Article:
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Education - Higher Degrees and Research

Find information you need to develop high level research skills for undertaking research in the field of education, including Master of Teaching Practice, Master by Research and PHD levels.

Starting your Research Project

This tool is designed to guide you through your research project.  First, think about what stage you're at in your research.  If you've already gotten started, click on the stage below that best describes where you are.  If you're just starting out, it might be helpful to read more about why we do research before getting started.

Project Planner

The Library has created online tutorials, videos and information pages to help you find the resources you need for your assignments.

The Library provides a service called Drop in for Study help where you can access a range of free learning and study advice.

You can also ask for help with finding resources for your studies and with using the Library's services and facilities:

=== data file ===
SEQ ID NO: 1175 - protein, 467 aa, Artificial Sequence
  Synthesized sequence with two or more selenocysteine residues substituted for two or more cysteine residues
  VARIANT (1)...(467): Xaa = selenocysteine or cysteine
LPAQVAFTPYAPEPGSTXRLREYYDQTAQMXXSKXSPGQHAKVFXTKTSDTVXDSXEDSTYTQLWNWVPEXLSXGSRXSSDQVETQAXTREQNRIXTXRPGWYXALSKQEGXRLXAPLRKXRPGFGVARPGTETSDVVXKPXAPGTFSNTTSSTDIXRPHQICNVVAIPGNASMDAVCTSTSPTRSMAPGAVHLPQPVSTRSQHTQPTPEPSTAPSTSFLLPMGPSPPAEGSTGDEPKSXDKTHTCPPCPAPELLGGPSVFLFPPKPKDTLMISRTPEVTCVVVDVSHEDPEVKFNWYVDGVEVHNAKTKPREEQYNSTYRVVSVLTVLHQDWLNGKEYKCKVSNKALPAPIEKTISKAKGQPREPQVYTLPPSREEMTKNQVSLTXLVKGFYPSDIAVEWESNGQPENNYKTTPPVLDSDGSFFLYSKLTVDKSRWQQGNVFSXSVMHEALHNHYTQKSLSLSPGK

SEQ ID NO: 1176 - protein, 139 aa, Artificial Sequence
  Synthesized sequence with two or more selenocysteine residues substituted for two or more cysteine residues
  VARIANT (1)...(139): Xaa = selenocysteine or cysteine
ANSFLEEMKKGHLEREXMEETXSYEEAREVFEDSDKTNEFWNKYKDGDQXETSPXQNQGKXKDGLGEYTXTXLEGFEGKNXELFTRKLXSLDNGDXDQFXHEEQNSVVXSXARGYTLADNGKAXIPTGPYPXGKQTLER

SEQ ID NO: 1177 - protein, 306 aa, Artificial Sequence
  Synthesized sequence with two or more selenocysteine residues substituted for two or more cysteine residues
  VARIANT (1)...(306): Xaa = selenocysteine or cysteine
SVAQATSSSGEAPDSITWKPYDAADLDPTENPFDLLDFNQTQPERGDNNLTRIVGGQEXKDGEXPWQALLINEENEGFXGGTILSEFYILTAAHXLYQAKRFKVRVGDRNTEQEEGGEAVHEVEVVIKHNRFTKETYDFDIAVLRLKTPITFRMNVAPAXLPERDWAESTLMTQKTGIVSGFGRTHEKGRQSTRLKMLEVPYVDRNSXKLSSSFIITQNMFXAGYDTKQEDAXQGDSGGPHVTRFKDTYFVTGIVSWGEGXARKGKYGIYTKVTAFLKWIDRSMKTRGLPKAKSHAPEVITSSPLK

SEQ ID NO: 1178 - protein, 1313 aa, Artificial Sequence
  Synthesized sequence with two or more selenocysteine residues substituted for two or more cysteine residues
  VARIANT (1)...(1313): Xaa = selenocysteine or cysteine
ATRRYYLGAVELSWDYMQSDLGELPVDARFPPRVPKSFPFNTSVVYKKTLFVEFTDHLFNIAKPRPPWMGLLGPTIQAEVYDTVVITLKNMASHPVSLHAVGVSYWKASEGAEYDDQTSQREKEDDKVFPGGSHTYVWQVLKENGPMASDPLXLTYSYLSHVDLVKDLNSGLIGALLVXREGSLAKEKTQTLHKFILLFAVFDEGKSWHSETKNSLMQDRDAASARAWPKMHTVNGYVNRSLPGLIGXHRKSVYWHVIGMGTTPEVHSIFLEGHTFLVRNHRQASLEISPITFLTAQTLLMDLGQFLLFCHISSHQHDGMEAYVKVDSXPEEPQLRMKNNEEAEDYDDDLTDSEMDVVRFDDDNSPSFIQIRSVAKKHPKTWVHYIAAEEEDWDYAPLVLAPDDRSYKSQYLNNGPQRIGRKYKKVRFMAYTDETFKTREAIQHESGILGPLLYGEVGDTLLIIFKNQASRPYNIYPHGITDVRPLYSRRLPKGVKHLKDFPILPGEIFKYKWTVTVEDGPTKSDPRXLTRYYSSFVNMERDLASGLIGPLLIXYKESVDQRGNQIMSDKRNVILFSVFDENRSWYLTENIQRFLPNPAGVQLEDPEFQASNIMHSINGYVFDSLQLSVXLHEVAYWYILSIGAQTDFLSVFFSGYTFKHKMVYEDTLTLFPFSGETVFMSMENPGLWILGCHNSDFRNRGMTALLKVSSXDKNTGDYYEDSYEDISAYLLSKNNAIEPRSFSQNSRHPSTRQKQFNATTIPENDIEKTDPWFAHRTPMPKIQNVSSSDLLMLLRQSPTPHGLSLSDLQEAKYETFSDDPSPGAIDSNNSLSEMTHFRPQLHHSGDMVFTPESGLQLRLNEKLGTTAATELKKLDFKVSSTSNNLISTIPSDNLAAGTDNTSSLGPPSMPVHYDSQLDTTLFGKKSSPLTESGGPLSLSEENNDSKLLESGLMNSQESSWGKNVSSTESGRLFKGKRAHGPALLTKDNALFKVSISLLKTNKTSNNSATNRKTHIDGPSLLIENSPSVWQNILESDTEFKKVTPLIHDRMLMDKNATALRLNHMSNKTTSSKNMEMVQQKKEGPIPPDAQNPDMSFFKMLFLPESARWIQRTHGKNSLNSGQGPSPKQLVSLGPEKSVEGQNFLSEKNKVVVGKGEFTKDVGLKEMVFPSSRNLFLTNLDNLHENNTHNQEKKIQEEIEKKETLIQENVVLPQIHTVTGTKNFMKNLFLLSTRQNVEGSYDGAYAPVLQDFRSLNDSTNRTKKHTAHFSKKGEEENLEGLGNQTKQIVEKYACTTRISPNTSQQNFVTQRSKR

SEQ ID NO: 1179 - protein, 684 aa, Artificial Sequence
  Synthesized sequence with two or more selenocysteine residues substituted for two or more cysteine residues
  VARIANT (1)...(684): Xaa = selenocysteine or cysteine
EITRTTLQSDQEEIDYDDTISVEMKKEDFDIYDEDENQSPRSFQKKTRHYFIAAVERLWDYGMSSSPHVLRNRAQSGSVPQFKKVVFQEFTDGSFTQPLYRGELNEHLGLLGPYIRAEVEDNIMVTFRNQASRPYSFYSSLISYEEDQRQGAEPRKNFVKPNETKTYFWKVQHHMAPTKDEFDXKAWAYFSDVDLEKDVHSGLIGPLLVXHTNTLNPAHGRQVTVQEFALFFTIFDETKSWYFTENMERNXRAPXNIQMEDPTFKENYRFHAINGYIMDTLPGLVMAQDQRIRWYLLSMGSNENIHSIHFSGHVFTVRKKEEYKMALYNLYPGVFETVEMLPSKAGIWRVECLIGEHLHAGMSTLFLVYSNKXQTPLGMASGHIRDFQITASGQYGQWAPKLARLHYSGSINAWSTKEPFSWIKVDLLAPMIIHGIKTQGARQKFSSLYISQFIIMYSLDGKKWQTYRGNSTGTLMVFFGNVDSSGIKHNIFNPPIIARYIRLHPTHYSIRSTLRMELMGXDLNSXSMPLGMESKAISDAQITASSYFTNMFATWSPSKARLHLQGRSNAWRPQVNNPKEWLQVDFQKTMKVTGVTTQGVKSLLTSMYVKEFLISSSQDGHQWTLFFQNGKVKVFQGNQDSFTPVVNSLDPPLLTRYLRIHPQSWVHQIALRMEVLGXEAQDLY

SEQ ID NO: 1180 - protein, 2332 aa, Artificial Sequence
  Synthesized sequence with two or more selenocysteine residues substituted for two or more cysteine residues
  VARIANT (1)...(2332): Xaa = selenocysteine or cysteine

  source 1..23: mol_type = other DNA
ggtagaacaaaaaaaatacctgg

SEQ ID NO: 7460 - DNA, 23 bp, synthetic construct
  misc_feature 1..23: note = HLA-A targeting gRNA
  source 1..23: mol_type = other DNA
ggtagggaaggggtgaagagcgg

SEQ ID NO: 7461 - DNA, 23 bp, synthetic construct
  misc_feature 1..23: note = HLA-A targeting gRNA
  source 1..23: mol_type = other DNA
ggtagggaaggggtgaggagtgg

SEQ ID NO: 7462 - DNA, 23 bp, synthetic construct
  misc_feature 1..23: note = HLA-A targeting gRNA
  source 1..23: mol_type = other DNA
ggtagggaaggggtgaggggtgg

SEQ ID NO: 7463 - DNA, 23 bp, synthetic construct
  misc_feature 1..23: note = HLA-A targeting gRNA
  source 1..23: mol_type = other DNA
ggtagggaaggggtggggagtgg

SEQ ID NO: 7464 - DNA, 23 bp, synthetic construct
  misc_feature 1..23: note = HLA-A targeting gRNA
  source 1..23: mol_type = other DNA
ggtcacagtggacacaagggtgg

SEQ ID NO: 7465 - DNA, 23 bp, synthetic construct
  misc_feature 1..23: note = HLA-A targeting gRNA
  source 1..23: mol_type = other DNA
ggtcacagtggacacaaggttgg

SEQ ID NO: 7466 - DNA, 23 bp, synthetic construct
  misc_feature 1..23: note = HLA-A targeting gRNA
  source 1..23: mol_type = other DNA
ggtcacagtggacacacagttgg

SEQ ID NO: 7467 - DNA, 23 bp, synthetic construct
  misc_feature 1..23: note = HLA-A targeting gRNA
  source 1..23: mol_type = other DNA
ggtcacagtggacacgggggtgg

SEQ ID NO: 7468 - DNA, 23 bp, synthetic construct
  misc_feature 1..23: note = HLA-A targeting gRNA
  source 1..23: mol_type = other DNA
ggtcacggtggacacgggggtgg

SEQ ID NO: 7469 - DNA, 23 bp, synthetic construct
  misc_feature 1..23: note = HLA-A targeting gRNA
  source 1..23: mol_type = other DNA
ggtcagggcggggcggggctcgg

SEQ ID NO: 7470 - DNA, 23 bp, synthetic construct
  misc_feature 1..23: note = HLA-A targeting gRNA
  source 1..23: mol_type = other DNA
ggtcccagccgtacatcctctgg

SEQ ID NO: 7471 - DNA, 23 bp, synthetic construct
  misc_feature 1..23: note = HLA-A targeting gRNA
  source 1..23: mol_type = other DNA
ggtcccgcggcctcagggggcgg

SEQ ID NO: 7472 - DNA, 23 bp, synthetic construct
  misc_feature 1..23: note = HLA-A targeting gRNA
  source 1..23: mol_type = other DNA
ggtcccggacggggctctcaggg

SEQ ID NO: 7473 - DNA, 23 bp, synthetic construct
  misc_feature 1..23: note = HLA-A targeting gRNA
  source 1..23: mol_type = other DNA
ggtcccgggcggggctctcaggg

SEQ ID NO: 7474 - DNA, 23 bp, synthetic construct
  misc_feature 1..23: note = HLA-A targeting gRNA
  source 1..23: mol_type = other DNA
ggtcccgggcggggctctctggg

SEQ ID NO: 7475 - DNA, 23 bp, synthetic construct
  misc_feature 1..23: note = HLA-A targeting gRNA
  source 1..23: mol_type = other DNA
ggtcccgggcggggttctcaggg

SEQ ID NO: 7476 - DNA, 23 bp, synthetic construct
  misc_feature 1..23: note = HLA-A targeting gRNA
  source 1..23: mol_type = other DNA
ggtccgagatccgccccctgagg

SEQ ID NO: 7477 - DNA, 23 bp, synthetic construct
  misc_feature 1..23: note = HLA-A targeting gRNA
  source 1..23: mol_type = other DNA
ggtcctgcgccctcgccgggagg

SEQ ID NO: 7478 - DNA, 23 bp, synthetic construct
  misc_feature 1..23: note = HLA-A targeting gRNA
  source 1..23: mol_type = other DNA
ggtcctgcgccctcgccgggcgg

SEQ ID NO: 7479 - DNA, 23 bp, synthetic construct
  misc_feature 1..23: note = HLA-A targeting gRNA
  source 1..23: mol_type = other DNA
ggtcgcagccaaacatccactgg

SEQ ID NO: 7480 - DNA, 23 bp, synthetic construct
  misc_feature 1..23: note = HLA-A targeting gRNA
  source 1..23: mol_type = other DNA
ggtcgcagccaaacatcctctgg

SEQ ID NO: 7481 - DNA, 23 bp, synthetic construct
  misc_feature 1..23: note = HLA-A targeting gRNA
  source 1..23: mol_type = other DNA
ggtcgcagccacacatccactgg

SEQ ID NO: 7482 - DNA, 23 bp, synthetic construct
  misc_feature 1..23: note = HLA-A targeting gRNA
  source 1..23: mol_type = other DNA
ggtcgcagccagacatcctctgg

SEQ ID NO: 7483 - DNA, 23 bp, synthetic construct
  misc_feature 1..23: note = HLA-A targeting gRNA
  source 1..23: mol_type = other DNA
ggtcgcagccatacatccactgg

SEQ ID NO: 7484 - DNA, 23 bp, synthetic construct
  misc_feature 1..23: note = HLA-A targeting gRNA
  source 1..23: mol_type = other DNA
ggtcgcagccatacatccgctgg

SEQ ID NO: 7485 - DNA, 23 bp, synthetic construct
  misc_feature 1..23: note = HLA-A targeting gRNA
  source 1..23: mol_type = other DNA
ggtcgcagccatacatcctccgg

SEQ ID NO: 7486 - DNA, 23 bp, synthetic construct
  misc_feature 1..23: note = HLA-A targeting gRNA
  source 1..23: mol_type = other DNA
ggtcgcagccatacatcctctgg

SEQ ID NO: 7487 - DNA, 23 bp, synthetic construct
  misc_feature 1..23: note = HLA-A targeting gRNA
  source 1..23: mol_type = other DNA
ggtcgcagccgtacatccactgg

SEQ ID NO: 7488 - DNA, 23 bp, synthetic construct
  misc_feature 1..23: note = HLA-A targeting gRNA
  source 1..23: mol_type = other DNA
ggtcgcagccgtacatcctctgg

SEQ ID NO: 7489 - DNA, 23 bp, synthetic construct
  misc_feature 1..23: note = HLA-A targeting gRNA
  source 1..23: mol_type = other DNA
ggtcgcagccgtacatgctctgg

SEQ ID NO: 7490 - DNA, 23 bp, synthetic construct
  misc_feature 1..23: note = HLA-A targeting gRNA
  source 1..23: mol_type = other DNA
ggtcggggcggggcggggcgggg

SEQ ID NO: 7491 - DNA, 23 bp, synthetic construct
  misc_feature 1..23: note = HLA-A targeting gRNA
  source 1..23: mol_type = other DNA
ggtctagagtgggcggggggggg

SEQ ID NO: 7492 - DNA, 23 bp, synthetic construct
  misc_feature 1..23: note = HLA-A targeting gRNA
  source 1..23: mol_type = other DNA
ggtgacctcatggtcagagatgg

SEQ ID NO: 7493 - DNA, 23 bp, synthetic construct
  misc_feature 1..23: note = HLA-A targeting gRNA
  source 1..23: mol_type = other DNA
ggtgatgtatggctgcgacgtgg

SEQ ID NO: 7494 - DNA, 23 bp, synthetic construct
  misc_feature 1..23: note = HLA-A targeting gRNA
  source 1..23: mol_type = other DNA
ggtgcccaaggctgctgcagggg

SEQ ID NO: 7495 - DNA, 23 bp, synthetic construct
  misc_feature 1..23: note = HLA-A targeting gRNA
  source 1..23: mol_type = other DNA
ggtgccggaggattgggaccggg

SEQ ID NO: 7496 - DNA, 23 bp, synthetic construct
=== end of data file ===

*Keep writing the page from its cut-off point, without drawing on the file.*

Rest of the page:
• in person by asking at the Library desk
  • by phone:  (03) 9925 2020
  • online, using the Ask the Library chat and email service.


We provide a wide range of resources and services to help you with your research projects.

The Library website has recently been updated. Please use the headings below to assist with your planning. The Links will be updated shortly

The new page is at Library services for Researchers

We provide a wide range of resources and services to help you with your research projects.

Beginning your research: Search Library resources for information on your research topic and access training sessions and tutorials to develop your research skills.


Managing your research:  Manage your research data and organise your references and documents as you search. Ensure you remain current with new research throughout your project.